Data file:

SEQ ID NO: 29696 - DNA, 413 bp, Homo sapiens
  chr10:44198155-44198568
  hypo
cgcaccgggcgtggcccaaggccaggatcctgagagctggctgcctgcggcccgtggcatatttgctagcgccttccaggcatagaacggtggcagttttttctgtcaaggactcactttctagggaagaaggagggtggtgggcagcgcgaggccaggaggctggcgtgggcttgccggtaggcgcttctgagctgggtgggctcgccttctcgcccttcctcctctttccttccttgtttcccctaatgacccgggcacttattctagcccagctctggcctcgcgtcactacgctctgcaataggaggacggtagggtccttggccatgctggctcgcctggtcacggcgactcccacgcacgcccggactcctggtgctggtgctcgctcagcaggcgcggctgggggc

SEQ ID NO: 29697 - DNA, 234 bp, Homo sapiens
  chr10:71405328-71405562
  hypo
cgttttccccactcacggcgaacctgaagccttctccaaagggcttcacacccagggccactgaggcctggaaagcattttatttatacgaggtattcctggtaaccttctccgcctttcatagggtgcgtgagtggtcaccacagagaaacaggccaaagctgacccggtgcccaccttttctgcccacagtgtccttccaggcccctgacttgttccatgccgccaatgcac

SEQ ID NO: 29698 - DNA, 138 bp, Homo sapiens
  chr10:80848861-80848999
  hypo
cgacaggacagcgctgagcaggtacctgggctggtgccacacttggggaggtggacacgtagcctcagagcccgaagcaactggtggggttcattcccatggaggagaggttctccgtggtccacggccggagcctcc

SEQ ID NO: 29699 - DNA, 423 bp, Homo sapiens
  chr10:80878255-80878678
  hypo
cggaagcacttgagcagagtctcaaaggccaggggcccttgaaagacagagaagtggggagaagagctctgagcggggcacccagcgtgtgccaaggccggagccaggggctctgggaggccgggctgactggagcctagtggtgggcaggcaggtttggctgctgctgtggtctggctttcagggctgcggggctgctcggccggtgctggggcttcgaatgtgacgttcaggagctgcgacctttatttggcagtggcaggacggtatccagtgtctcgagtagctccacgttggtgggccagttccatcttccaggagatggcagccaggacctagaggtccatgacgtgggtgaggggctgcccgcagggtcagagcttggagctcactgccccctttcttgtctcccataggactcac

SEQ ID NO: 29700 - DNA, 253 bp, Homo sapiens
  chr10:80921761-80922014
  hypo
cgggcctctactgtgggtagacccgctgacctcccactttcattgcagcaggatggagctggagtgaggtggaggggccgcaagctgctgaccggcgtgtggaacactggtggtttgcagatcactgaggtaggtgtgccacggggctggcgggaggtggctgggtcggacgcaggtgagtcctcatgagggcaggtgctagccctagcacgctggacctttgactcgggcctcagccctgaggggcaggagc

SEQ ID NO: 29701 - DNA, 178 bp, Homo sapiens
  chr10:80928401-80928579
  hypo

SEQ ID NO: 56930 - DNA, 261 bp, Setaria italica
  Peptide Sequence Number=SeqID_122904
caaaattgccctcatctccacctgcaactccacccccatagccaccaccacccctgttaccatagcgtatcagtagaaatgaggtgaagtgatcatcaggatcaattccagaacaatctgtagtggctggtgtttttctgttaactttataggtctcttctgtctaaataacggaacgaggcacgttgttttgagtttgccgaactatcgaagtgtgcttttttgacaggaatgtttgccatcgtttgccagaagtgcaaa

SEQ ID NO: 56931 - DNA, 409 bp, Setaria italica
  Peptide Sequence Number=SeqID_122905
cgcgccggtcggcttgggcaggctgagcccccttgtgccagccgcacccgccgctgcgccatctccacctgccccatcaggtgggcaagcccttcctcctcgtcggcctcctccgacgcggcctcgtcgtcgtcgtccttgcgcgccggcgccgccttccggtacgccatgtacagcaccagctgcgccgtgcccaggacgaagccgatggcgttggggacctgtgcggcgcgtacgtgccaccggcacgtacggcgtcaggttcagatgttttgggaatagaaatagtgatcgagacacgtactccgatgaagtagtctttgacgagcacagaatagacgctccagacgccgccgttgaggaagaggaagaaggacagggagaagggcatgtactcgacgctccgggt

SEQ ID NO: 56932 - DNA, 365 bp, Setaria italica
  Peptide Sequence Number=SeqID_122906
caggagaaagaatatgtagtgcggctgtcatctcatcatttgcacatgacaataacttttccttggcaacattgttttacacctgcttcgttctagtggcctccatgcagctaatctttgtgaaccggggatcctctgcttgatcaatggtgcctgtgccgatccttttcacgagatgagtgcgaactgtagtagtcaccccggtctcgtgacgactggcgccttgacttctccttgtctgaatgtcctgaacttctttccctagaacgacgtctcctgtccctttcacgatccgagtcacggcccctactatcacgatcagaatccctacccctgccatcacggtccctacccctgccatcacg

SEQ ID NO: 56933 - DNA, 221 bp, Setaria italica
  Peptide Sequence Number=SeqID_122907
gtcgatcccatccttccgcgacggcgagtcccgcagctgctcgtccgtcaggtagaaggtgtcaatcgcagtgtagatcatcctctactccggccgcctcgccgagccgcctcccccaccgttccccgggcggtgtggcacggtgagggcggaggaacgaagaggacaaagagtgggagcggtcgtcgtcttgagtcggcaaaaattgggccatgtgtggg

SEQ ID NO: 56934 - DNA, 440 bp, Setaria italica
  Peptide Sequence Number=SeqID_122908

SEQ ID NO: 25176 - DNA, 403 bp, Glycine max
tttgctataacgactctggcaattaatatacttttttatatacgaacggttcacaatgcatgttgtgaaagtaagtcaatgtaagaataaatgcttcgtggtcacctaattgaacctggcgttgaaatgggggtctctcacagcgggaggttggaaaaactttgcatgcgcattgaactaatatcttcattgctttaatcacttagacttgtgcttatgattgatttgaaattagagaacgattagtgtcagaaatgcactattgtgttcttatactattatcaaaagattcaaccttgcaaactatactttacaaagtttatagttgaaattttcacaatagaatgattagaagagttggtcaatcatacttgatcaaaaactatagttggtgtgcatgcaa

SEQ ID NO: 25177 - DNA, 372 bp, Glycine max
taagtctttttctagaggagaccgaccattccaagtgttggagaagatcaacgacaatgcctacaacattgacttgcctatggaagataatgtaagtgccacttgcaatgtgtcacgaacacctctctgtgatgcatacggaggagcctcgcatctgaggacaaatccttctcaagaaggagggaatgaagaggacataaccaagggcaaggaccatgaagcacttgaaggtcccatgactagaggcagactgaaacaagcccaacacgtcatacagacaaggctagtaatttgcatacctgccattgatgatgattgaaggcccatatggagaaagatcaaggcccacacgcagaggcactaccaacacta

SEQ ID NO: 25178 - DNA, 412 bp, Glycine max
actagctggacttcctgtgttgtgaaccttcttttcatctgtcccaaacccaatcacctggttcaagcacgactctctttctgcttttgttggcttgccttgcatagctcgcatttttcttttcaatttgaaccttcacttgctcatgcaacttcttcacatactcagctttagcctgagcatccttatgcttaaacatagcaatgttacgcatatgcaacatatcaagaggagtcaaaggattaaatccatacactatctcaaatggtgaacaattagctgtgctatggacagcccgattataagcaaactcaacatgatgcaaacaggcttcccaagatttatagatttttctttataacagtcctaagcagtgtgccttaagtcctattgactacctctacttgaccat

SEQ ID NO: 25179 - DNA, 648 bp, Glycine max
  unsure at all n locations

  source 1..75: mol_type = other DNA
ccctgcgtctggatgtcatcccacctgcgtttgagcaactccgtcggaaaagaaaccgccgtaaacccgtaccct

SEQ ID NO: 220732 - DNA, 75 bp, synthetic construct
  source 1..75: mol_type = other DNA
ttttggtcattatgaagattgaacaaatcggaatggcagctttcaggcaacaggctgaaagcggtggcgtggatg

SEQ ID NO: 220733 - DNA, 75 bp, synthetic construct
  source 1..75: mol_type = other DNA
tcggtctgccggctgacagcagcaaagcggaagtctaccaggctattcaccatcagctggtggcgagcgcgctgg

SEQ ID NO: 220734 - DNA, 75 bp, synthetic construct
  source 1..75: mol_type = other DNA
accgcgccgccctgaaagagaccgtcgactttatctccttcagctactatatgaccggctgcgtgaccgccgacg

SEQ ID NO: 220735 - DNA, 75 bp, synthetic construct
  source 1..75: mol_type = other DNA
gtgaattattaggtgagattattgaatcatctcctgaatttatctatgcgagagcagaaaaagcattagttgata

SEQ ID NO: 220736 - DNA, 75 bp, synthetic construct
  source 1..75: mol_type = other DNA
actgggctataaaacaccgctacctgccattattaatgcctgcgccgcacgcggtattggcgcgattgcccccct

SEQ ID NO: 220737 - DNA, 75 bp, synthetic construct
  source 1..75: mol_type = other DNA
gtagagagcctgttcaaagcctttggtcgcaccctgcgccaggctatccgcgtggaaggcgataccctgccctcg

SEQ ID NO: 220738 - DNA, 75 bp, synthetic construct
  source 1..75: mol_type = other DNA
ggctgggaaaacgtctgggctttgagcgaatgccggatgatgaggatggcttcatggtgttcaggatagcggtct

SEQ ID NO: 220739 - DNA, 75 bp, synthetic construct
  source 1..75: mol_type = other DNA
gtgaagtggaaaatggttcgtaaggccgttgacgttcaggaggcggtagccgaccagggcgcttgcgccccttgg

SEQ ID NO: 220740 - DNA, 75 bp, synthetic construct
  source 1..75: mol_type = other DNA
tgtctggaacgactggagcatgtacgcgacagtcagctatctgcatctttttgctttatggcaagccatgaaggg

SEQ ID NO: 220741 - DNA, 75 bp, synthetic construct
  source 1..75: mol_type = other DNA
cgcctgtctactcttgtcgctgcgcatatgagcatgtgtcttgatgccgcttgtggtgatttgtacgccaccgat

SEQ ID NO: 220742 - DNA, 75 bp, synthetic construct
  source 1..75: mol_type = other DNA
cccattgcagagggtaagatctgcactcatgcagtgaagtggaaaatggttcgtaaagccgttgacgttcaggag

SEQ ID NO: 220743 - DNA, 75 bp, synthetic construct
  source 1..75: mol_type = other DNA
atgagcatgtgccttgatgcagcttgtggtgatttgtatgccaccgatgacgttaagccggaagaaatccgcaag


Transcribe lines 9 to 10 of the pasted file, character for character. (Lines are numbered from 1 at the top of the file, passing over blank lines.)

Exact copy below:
SEQ ID NO: 29698 - DNA, 138 bp, Homo sapiens
  chr10:80848861-80848999